Michelle Nicolle Quartet Does Mancini – Sessions – 11 January – 3.5K

By Peter Maddern

There is a disarming demeanour about Michelle Nicolle – she does not strut herself as some kind of diva – that can mask, at least for the uninitiated, her exceptional talent. The same could also be said about her subject for her quartet’s show at Sessions on Friday, Henry Mancini, who has sometimes been dismissed as a master only of pre 1960’s schmaltz.

Mancini was a great composer particularly of television and film scores (Pink Panther, Charlie’s Angels, Victor Victoria etc) and his record of awards and melodies are testament to the diverse variety of styles he commanded and which sets him apart from most others. For the lyrics to his music he engaged the best of his generation (eg Johnny Mercer) to often achieve things greater than the sum of their parts and his relationship with director, Blake Edwards, extended to over thirty films.

Nicolle’s challenge on Friday (and in her latest CD) was to interpret the great man’s works for her profoundly captivating voice without bastardising the pleasures of his musical gems. In this Michelle and her quartet did well with innovative arrangements that brought the music and lyrics new life within the constraints of her talented ensemble of Geoff Hughes (guitar), Tom Lee (bass) and former Adelaide boy, Ronny Ferella (drums) who wrapped in beard and shrouded in haunting stage lights made him appear a most formidable character.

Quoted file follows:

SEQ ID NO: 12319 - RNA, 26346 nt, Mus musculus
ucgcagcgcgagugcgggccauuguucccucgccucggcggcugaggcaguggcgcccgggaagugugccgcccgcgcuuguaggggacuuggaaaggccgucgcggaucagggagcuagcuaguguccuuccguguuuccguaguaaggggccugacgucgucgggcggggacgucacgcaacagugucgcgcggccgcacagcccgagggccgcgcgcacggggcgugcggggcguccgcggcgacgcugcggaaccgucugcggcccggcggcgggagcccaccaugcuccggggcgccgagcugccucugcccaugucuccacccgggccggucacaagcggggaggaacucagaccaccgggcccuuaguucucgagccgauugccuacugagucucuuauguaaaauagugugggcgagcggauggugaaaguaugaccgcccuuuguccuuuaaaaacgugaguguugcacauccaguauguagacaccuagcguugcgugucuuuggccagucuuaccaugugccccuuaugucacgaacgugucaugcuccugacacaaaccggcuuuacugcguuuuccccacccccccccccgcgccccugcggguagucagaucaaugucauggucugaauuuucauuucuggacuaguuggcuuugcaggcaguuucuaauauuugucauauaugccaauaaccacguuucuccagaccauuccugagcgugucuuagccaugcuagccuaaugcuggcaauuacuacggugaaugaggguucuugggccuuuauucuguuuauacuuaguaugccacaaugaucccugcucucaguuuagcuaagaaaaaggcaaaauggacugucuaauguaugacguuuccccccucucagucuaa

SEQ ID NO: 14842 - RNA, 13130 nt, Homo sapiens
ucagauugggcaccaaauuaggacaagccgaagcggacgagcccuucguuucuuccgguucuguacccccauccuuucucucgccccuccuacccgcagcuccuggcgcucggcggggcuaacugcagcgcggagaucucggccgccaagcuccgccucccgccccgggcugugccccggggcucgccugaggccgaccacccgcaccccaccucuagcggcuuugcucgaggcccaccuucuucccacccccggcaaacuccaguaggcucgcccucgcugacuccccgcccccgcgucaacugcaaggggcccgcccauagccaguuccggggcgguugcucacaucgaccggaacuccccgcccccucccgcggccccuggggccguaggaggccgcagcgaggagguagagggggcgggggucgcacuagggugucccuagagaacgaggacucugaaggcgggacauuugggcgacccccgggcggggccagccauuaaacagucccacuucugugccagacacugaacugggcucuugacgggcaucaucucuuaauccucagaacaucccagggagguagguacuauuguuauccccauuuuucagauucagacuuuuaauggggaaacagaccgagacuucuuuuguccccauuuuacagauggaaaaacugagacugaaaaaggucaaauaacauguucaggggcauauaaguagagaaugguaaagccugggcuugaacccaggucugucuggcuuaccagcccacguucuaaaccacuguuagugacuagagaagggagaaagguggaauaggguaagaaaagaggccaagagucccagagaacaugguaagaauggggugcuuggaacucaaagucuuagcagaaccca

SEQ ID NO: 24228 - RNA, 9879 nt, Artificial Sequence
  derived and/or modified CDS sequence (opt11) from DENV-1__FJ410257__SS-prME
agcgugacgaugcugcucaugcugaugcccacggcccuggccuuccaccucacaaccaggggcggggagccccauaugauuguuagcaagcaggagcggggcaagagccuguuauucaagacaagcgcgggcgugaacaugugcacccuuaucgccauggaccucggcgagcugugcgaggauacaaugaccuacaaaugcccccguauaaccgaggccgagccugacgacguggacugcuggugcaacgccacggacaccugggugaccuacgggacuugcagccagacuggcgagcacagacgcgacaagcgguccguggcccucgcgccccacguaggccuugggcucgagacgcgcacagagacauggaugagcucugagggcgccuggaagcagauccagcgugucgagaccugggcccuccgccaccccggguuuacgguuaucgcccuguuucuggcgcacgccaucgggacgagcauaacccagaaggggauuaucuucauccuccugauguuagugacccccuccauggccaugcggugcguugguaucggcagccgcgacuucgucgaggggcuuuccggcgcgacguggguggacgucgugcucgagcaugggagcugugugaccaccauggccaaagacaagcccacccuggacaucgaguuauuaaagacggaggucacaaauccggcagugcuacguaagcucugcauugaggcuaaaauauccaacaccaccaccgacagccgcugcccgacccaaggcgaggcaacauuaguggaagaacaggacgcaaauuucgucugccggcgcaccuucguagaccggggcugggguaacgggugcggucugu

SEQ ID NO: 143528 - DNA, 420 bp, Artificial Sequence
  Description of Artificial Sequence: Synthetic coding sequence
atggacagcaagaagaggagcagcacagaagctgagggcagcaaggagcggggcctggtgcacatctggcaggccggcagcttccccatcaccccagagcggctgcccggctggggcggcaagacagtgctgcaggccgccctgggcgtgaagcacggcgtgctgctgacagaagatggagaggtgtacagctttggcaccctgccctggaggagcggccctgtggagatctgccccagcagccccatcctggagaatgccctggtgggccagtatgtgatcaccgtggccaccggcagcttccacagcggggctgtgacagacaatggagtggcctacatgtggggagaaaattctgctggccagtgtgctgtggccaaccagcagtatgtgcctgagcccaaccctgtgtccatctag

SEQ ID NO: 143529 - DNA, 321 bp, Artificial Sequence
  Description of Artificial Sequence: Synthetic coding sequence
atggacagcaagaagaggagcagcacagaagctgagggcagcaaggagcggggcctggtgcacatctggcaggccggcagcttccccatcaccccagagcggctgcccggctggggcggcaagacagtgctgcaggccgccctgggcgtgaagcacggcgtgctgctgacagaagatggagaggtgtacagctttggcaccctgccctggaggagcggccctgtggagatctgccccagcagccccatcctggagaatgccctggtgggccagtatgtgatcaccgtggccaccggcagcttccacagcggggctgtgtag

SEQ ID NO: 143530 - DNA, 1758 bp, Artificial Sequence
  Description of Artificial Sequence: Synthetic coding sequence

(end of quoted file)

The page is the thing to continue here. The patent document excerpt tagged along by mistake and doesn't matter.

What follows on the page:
Highlights were Days of Wine and Roses, Peter Gun and Moon River and while these (and the other songs played) were no pop renditions of the familiar, the new interpretations most successfully brought to the fore her and her band’s jazz roots.

Kryztoff Rating  3.5K

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